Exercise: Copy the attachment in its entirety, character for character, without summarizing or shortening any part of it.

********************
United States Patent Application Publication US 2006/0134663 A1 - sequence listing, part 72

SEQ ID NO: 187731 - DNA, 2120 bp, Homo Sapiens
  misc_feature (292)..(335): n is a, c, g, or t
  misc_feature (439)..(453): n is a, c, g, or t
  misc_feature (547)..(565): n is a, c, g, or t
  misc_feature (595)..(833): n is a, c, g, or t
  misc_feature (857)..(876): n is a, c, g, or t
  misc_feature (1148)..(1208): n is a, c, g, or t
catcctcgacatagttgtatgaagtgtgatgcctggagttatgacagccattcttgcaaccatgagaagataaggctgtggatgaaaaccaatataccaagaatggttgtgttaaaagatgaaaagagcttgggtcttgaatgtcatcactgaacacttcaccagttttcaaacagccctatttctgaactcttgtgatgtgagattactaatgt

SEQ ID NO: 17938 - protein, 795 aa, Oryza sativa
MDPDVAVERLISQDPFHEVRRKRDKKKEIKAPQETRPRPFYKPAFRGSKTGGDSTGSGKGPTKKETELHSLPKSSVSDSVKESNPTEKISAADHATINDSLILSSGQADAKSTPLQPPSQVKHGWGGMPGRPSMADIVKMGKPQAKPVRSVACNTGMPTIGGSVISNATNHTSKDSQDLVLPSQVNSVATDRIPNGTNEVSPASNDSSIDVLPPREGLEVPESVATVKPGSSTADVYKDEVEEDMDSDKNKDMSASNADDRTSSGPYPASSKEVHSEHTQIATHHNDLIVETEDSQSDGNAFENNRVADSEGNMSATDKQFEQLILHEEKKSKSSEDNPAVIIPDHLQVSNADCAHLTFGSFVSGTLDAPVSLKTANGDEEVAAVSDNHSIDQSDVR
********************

United States Patent Application Publication US 2006/0134663 A1 - sequence listing, part 72

SEQ ID NO: 187731 - DNA, 2120 bp, Homo Sapiens
  misc_feature (292)..(335): n is a, c, g, or t
  misc_feature (439)..(453): n is a, c, g, or t
  misc_feature (547)..(565): n is a, c, g, or t
  misc_feature (595)..(833): n is a, c, g, or t
  misc_feature (857)..(876): n is a, c, g, or t
  misc_feature (1148)..(1208): n is a, c, g, or t
catcctcgacatagttgtatgaagtgtgatgcctggagttatgacagccattcttgcaaccatgagaagataaggctgtggatgaaaaccaatataccaagaatggttgtgttaaaagatgaaaagagcttgggtcttgaatgtcatcactgaacacttcaccagttttcaaacagccctatttctgaactcttgtgatgtgagattactaatgt

SEQ ID NO: 17938 - protein, 795 aa, Oryza sativa
MDPDVAVERLISQDPFHEVRRKRDKKKEIKAPQETRPRPFYKPAFRGSKTGGDSTGSGKGPTKKETELHSLPKSSVSDSVKESNPTEKISAADHATINDSLILSSGQADAKSTPLQPPSQVKHGWGGMPGRPSMADIVKMGKPQAKPVRSVACNTGMPTIGGSVISNATNHTSKDSQDLVLPSQVNSVATDRIPNGTNEVSPASNDSSIDVLPPREGLEVPESVATVKPGSSTADVYKDEVEEDMDSDKNKDMSASNADDRTSSGPYPASSKEVHSEHTQIATHHNDLIVETEDSQSDGNAFENNRVADSEGNMSATDKQFEQLILHEEKKSKSSEDNPAVIIPDHLQVSNADCAHLTFGSFVSGTLDAPVSLKTANGDEEVAAVSDNHSIDQSDVR